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Cholent

I can recall the crockpot sitting inconspicuously on the counter; the kitchen was dark, though we all gathered around waiting to eat.  From the pot, our dear friend ladled a thick, brown substance into our bowls.  “It’s Cholent,” he explained, and I was dubious.  Yet the first bite of that earthy stew etched itself into my memory, fueling a longing unfulfilled until tonight.  A slow-cooked stew traditionally prepared the night before Shabbat, Cholent involves a hefty bit of beans, barley, potatoes, and typically, meat.  The dish has a reputation for both heaviness and mush.  I cannot deny the stuff in my bowl that night proved both points, and still I loved every soft, melting mouthful.  Years passed, though I never knew anyone to cook it again.  Tonight, I reprised the meal on a whim – inspired just a bit by the past few days of slow cooking split pea soup and a spring vegetable tagine.  The vegetarian Cholent recipe I found online is heavy with carbs, but that is true even for a traditional recipe.  There are onions, carrots, potatoes, tomatoes, and lots and lots of garlic.  I also included 1/2 cup of barley and 1/2 cup of faro, as well as red beans and chickpeas.  Spiced simply with several bay leaves, coriander, cumin, paprika, salt and pepper and left to cook all day in the crockpot, the flavors begin to develop and become irresistible.  The best bit is when you get a bite of garlic, and it tastes just like it has been roasted in the oven — really creamy and mellow.  What am I doing eating such heavy food at the end of May in Florida?  Only Nigella Lawson may truly understand: sometimes comfort is king.  We ate two large bowlfuls each accompanied with a small glass of red wine, and we feel pleasantly sleepy and satisfied.  Even better, we have plenty of leftovers for tomorrow.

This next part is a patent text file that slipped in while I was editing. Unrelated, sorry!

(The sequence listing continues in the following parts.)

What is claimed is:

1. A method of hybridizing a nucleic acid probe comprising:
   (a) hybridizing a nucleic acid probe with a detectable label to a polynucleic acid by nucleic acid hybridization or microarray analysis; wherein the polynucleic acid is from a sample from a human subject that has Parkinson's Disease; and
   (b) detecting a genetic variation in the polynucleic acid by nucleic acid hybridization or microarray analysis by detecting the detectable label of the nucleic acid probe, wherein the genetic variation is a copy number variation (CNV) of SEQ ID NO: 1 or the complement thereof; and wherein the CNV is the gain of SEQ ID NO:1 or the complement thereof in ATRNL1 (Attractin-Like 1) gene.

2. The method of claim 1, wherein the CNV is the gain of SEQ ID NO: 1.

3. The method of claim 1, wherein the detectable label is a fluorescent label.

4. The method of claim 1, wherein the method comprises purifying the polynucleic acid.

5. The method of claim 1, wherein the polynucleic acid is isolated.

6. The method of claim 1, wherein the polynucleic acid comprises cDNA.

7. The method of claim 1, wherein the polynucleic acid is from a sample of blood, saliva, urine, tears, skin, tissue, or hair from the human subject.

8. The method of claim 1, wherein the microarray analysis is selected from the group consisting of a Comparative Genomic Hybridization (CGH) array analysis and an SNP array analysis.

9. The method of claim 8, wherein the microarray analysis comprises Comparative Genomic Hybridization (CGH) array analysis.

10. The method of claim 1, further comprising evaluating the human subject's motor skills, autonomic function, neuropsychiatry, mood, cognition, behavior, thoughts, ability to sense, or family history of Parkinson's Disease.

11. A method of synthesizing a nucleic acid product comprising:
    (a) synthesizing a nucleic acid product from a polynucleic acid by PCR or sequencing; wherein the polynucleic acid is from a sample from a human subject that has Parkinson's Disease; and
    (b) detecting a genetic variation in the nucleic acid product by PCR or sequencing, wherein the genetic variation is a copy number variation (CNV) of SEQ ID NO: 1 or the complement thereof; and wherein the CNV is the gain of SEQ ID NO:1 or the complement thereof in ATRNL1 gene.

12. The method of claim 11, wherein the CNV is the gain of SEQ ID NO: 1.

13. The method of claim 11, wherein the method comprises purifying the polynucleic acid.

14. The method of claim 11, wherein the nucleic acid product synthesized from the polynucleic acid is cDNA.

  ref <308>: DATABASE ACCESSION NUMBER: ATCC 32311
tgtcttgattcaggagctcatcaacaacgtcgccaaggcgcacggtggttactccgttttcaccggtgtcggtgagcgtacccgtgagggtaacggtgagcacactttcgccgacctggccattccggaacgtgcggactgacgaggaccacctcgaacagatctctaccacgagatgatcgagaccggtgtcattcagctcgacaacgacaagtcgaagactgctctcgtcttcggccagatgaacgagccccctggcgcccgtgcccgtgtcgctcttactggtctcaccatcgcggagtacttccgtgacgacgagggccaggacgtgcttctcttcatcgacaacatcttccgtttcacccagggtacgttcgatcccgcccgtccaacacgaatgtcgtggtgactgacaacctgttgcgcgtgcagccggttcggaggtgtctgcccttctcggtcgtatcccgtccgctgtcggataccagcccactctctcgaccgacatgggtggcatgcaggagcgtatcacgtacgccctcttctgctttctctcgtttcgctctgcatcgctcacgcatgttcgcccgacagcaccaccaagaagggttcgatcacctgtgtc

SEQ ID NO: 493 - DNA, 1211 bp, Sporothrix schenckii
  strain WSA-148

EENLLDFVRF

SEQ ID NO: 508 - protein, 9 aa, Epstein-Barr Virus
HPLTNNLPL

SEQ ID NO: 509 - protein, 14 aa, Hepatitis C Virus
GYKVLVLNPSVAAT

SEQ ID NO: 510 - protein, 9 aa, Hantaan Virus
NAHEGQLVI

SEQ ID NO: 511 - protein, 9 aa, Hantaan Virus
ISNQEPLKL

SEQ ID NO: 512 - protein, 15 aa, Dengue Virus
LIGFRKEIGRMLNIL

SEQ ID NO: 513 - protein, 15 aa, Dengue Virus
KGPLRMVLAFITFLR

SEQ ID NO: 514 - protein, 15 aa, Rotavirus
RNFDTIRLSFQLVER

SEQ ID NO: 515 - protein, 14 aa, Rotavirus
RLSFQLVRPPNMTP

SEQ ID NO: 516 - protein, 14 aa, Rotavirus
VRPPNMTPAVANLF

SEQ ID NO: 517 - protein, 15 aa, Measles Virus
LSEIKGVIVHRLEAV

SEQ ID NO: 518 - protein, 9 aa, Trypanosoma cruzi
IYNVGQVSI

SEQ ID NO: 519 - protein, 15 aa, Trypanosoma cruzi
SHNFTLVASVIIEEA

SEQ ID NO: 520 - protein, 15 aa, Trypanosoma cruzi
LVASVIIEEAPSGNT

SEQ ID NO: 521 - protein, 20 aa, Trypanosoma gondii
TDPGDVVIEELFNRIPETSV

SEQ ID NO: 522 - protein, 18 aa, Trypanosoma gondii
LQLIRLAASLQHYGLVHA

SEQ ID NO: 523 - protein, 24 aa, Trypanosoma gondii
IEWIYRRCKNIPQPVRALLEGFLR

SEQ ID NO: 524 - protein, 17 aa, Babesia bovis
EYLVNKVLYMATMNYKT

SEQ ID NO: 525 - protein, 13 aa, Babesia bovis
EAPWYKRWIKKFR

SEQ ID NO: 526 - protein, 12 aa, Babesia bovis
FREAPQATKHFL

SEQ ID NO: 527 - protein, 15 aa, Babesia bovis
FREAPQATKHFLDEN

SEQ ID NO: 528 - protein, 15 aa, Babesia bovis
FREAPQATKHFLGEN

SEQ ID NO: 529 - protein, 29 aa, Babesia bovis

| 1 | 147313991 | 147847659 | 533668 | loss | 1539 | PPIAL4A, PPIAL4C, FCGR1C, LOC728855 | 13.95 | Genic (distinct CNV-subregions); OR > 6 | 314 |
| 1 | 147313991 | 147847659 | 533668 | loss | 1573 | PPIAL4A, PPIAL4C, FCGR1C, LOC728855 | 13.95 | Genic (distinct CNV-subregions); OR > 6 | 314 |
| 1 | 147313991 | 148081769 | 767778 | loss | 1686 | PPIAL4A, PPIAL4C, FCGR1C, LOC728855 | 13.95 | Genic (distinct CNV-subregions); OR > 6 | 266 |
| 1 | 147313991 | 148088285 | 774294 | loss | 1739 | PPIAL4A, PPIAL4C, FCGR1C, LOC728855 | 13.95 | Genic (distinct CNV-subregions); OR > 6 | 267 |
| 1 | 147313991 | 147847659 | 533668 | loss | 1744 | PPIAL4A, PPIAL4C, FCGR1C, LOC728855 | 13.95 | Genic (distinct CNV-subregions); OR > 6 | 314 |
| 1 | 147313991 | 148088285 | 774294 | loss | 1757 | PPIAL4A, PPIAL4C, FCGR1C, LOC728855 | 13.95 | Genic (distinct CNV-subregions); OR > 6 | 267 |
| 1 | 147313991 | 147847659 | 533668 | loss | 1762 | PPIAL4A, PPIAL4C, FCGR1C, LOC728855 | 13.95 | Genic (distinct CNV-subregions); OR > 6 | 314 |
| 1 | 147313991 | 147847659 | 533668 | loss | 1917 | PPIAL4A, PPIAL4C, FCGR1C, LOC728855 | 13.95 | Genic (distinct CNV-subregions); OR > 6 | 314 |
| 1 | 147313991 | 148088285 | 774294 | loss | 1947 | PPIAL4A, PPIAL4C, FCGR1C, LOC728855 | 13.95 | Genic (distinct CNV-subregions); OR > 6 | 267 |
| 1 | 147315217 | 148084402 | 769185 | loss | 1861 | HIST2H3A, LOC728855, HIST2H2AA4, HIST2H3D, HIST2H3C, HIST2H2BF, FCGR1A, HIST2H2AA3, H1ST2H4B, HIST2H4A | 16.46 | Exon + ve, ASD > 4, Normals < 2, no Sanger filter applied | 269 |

Bete’avon!

W.

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One thought on “Cholent

  1. LOL, Nigella is a wise woman.

    Besides, you know as well as I do that seasonal rules don’t apply in Florida. We don’t really have seasons, so we can eat and dress however we like (well, for clothes, it all depends on the AC. I dress for winter at my office, but then fry when I step outside, haha).

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